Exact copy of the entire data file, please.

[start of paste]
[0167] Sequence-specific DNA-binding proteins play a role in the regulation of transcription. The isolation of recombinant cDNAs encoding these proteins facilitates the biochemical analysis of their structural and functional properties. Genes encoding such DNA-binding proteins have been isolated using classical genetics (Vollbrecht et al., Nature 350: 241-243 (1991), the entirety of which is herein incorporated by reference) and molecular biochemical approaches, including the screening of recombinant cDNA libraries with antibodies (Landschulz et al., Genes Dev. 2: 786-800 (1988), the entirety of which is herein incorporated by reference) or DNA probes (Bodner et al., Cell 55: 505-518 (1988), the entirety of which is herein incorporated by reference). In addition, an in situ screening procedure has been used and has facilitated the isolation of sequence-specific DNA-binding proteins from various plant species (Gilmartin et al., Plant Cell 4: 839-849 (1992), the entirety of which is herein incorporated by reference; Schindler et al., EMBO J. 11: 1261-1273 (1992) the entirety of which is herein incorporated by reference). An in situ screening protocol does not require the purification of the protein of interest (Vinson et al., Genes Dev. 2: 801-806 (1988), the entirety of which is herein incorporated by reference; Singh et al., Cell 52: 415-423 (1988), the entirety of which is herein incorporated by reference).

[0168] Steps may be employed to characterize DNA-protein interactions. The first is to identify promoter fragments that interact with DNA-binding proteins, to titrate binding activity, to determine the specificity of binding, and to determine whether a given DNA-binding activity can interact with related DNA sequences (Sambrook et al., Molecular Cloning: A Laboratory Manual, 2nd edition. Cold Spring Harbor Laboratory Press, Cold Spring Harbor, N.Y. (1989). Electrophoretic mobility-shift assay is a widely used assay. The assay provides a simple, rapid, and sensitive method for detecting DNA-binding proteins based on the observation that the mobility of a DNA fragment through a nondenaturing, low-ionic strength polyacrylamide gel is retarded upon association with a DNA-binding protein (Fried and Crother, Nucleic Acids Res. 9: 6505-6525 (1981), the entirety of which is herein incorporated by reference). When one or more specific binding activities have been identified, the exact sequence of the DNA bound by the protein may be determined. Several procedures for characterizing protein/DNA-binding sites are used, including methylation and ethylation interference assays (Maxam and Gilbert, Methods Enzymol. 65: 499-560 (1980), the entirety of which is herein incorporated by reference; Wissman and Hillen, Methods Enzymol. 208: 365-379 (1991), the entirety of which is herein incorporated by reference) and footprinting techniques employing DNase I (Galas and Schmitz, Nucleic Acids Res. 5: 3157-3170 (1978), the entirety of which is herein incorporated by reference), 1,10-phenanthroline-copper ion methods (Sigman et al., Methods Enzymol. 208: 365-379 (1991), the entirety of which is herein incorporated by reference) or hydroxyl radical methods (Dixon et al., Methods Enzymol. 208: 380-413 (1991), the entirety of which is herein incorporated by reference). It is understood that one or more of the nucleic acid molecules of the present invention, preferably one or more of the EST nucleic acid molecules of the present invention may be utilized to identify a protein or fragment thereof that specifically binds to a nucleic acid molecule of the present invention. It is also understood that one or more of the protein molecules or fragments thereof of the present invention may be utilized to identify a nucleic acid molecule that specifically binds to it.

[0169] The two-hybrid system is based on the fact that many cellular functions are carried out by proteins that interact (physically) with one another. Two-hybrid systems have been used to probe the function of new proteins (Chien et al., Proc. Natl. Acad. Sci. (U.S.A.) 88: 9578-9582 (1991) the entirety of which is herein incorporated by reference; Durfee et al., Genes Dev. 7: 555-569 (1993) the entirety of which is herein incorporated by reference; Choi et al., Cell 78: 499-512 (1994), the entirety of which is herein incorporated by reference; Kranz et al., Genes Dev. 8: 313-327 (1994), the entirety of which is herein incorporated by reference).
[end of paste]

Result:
[0167] Sequence-specific DNA-binding proteins play a role in the regulation of transcription. The isolation of recombinant cDNAs encoding these proteins facilitates the biochemical analysis of their structural and functional properties. Genes encoding such DNA-binding proteins have been isolated using classical genetics (Vollbrecht et al., Nature 350: 241-243 (1991), the entirety of which is herein incorporated by reference) and molecular biochemical approaches, including the screening of recombinant cDNA libraries with antibodies (Landschulz et al., Genes Dev. 2: 786-800 (1988), the entirety of which is herein incorporated by reference) or DNA probes (Bodner et al., Cell 55: 505-518 (1988), the entirety of which is herein incorporated by reference). In addition, an in situ screening procedure has been used and has facilitated the isolation of sequence-specific DNA-binding proteins from various plant species (Gilmartin et al., Plant Cell 4: 839-849 (1992), the entirety of which is herein incorporated by reference; Schindler et al., EMBO J. 11: 1261-1273 (1992) the entirety of which is herein incorporated by reference). An in situ screening protocol does not require the purification of the protein of interest (Vinson et al., Genes Dev. 2: 801-806 (1988), the entirety of which is herein incorporated by reference; Singh et al., Cell 52: 415-423 (1988), the entirety of which is herein incorporated by reference).

[0168] Steps may be employed to characterize DNA-protein interactions. The first is to identify promoter fragments that interact with DNA-binding proteins, to titrate binding activity, to determine the specificity of binding, and to determine whether a given DNA-binding activity can interact with related DNA sequences (Sambrook et al., Molecular Cloning: A Laboratory Manual, 2nd edition. Cold Spring Harbor Laboratory Press, Cold Spring Harbor, N.Y. (1989). Electrophoretic mobility-shift assay is a widely used assay. The assay provides a simple, rapid, and sensitive method for detecting DNA-binding proteins based on the observation that the mobility of a DNA fragment through a nondenaturing, low-ionic strength polyacrylamide gel is retarded upon association with a DNA-binding protein (Fried and Crother, Nucleic Acids Res. 9: 6505-6525 (1981), the entirety of which is herein incorporated by reference). When one or more specific binding activities have been identified, the exact sequence of the DNA bound by the protein may be determined. Several procedures for characterizing protein/DNA-binding sites are used, including methylation and ethylation interference assays (Maxam and Gilbert, Methods Enzymol. 65: 499-560 (1980), the entirety of which is herein incorporated by reference; Wissman and Hillen, Methods Enzymol. 208: 365-379 (1991), the entirety of which is herein incorporated by reference) and footprinting techniques employing DNase I (Galas and Schmitz, Nucleic Acids Res. 5: 3157-3170 (1978), the entirety of which is herein incorporated by reference), 1,10-phenanthroline-copper ion methods (Sigman et al., Methods Enzymol. 208: 365-379 (1991), the entirety of which is herein incorporated by reference) or hydroxyl radical methods (Dixon et al., Methods Enzymol. 208: 380-413 (1991), the entirety of which is herein incorporated by reference). It is understood that one or more of the nucleic acid molecules of the present invention, preferably one or more of the EST nucleic acid molecules of the present invention may be utilized to identify a protein or fragment thereof that specifically binds to a nucleic acid molecule of the present invention. It is also understood that one or more of the protein molecules or fragments thereof of the present invention may be utilized to identify a nucleic acid molecule that specifically binds to it.

[0169] The two-hybrid system is based on the fact that many cellular functions are carried out by proteins that interact (physically) with one another. Two-hybrid systems have been used to probe the function of new proteins (Chien et al., Proc. Natl. Acad. Sci. (U.S.A.) 88: 9578-9582 (1991) the entirety of which is herein incorporated by reference; Durfee et al., Genes Dev. 7: 555-569 (1993) the entirety of which is herein incorporated by reference; Choi et al., Cell 78: 499-512 (1994), the entirety of which is herein incorporated by reference; Kranz et al., Genes Dev. 8: 313-327 (1994), the entirety of which is herein incorporated by reference).